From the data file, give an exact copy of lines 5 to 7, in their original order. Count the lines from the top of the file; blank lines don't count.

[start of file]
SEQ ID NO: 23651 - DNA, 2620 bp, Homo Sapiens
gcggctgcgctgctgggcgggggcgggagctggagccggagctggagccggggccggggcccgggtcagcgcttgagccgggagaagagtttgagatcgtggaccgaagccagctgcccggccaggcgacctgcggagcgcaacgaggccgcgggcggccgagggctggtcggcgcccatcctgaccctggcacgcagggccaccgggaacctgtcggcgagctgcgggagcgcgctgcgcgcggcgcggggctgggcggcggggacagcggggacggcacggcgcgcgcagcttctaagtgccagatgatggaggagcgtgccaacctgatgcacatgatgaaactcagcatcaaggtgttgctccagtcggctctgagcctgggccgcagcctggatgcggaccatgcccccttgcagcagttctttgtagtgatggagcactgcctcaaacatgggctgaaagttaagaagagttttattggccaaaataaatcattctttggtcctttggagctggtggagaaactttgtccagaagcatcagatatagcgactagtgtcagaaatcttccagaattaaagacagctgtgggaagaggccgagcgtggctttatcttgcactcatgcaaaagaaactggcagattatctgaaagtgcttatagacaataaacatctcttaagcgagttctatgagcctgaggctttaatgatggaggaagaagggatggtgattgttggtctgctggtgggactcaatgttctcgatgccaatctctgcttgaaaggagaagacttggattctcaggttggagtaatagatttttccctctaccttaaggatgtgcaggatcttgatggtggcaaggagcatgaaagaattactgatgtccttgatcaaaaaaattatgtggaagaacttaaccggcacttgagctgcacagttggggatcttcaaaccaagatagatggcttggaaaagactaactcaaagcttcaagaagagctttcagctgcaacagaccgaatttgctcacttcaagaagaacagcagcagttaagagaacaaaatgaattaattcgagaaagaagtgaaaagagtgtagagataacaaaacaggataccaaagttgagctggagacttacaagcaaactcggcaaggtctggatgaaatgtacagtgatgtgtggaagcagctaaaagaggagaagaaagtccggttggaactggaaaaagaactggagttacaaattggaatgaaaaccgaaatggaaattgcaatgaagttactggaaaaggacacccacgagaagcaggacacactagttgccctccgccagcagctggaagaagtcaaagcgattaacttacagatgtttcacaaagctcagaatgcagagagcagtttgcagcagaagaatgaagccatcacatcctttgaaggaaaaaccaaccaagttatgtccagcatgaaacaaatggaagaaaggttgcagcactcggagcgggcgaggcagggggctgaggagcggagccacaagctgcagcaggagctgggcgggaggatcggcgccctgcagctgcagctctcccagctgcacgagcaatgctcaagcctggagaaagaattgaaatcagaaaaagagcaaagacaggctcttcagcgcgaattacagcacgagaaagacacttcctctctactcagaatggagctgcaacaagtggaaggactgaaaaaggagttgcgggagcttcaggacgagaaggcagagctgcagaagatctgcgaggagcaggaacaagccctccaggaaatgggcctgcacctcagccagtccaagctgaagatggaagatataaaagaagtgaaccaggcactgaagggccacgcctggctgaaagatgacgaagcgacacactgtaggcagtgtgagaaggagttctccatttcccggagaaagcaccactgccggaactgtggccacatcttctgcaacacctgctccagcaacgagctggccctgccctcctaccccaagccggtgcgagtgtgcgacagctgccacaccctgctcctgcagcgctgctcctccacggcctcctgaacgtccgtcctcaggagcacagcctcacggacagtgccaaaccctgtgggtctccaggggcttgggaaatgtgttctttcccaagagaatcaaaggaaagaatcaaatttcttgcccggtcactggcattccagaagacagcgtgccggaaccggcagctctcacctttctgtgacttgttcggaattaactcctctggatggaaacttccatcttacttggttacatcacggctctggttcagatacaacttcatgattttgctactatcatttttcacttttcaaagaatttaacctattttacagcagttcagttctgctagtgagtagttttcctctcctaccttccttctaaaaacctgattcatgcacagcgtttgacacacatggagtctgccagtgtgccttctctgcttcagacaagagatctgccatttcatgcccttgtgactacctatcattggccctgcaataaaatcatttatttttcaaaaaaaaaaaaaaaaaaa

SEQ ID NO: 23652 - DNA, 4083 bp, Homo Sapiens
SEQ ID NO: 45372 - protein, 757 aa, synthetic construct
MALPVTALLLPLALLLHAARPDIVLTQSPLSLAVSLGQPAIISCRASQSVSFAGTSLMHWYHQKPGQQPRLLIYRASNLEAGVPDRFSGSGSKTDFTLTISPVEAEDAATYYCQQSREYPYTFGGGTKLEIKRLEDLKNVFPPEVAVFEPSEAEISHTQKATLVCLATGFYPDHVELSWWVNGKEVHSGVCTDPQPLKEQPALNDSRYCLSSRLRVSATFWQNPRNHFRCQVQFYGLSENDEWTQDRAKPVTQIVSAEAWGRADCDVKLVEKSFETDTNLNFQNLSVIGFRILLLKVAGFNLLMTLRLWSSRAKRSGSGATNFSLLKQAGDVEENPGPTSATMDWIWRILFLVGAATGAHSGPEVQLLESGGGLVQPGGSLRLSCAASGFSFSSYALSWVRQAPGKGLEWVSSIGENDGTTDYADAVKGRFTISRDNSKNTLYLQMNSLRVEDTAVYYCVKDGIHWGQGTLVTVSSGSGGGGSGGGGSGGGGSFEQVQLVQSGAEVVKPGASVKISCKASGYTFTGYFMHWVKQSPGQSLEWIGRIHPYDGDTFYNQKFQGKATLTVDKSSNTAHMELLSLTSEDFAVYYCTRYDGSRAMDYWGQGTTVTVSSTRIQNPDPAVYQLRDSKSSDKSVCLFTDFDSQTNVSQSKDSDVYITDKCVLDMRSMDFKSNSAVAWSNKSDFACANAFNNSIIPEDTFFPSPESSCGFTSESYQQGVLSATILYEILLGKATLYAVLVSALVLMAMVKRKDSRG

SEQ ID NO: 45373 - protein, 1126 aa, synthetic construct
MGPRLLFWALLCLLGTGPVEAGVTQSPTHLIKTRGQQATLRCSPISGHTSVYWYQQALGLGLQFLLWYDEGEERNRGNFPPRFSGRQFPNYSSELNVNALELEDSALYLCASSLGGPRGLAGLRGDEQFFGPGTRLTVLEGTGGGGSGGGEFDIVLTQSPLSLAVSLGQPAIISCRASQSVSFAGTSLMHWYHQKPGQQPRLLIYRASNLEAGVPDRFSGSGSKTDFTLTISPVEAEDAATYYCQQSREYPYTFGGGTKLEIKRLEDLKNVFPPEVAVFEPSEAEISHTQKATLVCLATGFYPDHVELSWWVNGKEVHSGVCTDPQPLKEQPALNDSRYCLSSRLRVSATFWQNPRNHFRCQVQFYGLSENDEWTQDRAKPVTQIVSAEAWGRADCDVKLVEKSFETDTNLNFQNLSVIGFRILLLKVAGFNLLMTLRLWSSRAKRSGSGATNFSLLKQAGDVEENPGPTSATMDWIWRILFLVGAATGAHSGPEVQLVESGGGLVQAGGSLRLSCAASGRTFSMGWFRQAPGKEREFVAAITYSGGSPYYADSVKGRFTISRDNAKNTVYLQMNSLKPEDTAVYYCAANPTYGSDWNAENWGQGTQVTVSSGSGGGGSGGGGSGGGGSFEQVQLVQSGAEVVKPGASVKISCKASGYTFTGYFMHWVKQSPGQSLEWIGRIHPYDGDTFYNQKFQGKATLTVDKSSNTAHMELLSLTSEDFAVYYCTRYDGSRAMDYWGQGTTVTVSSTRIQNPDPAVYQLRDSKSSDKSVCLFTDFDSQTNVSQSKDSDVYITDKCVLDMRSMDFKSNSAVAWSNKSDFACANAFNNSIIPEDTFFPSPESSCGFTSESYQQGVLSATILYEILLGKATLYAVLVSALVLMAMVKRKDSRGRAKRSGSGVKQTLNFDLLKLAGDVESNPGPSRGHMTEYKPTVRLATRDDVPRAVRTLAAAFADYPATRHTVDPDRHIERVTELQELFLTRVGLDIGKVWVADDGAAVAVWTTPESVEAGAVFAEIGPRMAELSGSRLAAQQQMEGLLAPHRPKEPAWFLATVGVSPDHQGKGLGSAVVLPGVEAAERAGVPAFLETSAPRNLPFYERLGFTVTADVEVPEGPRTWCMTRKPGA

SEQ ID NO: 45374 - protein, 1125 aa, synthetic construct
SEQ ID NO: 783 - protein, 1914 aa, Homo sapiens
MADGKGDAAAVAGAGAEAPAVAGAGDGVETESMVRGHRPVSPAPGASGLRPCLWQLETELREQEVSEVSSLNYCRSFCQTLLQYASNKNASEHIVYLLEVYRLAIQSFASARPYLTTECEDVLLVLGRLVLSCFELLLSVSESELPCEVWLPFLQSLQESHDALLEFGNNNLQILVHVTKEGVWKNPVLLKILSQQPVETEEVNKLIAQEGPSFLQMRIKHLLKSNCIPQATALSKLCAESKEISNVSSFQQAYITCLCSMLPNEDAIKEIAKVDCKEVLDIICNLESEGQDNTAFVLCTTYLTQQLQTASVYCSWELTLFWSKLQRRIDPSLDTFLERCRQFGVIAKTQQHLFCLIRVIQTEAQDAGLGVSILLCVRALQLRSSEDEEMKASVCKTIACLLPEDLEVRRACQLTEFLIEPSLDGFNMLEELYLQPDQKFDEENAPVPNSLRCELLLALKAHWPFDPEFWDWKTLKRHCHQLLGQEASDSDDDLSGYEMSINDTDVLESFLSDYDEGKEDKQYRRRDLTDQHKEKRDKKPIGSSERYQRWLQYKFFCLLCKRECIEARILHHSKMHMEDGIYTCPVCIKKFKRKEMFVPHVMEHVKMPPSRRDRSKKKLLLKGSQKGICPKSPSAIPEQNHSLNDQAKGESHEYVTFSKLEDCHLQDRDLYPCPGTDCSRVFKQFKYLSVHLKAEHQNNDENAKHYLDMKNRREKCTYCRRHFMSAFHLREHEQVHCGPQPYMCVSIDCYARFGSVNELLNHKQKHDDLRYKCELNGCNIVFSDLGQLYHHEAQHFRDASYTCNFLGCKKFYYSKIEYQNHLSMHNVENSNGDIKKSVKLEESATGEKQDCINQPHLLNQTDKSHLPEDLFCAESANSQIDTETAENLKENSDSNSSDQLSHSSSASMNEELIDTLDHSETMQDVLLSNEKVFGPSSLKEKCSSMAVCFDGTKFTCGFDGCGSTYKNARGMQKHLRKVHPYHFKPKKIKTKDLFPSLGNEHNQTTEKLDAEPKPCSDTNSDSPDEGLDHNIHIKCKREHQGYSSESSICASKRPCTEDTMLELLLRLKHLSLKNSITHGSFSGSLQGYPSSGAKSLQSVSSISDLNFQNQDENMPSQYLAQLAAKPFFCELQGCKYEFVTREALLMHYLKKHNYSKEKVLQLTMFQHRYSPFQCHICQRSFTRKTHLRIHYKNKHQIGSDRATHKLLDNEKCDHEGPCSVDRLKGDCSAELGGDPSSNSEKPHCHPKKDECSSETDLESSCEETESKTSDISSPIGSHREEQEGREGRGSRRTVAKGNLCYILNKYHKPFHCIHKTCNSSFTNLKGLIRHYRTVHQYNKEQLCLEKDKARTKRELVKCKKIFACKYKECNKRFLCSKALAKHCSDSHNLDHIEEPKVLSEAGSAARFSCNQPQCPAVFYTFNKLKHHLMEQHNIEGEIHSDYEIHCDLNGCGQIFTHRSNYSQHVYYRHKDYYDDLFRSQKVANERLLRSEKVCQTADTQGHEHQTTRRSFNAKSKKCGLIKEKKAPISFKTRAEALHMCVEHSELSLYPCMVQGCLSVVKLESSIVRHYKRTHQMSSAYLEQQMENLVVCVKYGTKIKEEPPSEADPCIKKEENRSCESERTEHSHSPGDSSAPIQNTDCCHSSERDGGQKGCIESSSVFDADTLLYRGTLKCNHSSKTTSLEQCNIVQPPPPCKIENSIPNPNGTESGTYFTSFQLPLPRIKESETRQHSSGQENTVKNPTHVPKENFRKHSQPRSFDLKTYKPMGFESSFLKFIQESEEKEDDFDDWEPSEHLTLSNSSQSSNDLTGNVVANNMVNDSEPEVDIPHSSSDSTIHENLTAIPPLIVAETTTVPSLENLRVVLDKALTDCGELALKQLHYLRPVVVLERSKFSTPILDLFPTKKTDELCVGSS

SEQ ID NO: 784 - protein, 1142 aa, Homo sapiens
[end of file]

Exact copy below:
MALPVTALLLPLALLLHAARPDIVLTQSPLSLAVSLGQPAIISCRASQSVSFAGTSLMHWYHQKPGQQPRLLIYRASNLEAGVPDRFSGSGSKTDFTLTISPVEAEDAATYYCQQSREYPYTFGGGTKLEIKRLEDLKNVFPPEVAVFEPSEAEISHTQKATLVCLATGFYPDHVELSWWVNGKEVHSGVCTDPQPLKEQPALNDSRYCLSSRLRVSATFWQNPRNHFRCQVQFYGLSENDEWTQDRAKPVTQIVSAEAWGRADCDVKLVEKSFETDTNLNFQNLSVIGFRILLLKVAGFNLLMTLRLWSSRAKRSGSGATNFSLLKQAGDVEENPGPTSATMDWIWRILFLVGAATGAHSGPEVQLLESGGGLVQPGGSLRLSCAASGFSFSSYALSWVRQAPGKGLEWVSSIGENDGTTDYADAVKGRFTISRDNSKNTLYLQMNSLRVEDTAVYYCVKDGIHWGQGTLVTVSSGSGGGGSGGGGSGGGGSFEQVQLVQSGAEVVKPGASVKISCKASGYTFTGYFMHWVKQSPGQSLEWIGRIHPYDGDTFYNQKFQGKATLTVDKSSNTAHMELLSLTSEDFAVYYCTRYDGSRAMDYWGQGTTVTVSSTRIQNPDPAVYQLRDSKSSDKSVCLFTDFDSQTNVSQSKDSDVYITDKCVLDMRSMDFKSNSAVAWSNKSDFACANAFNNSIIPEDTFFPSPESSCGFTSESYQQGVLSATILYEILLGKATLYAVLVSALVLMAMVKRKDSRG

SEQ ID NO: 45373 - protein, 1126 aa, synthetic construct
MGPRLLFWALLCLLGTGPVEAGVTQSPTHLIKTRGQQATLRCSPISGHTSVYWYQQALGLGLQFLLWYDEGEERNRGNFPPRFSGRQFPNYSSELNVNALELEDSALYLCASSLGGPRGLAGLRGDEQFFGPGTRLTVLEGTGGGGSGGGEFDIVLTQSPLSLAVSLGQPAIISCRASQSVSFAGTSLMHWYHQKPGQQPRLLIYRASNLEAGVPDRFSGSGSKTDFTLTISPVEAEDAATYYCQQSREYPYTFGGGTKLEIKRLEDLKNVFPPEVAVFEPSEAEISHTQKATLVCLATGFYPDHVELSWWVNGKEVHSGVCTDPQPLKEQPALNDSRYCLSSRLRVSATFWQNPRNHFRCQVQFYGLSENDEWTQDRAKPVTQIVSAEAWGRADCDVKLVEKSFETDTNLNFQNLSVIGFRILLLKVAGFNLLMTLRLWSSRAKRSGSGATNFSLLKQAGDVEENPGPTSATMDWIWRILFLVGAATGAHSGPEVQLVESGGGLVQAGGSLRLSCAASGRTFSMGWFRQAPGKEREFVAAITYSGGSPYYADSVKGRFTISRDNAKNTVYLQMNSLKPEDTAVYYCAANPTYGSDWNAENWGQGTQVTVSSGSGGGGSGGGGSGGGGSFEQVQLVQSGAEVVKPGASVKISCKASGYTFTGYFMHWVKQSPGQSLEWIGRIHPYDGDTFYNQKFQGKATLTVDKSSNTAHMELLSLTSEDFAVYYCTRYDGSRAMDYWGQGTTVTVSSTRIQNPDPAVYQLRDSKSSDKSVCLFTDFDSQTNVSQSKDSDVYITDKCVLDMRSMDFKSNSAVAWSNKSDFACANAFNNSIIPEDTFFPSPESSCGFTSESYQQGVLSATILYEILLGKATLYAVLVSALVLMAMVKRKDSRGRAKRSGSGVKQTLNFDLLKLAGDVESNPGPSRGHMTEYKPTVRLATRDDVPRAVRTLAAAFADYPATRHTVDPDRHIERVTELQELFLTRVGLDIGKVWVADDGAAVAVWTTPESVEAGAVFAEIGPRMAELSGSRLAAQQQMEGLLAPHRPKEPAWFLATVGVSPDHQGKGLGSAVVLPGVEAAERAGVPAFLETSAPRNLPFYERLGFTVTADVEVPEGPRTWCMTRKPGA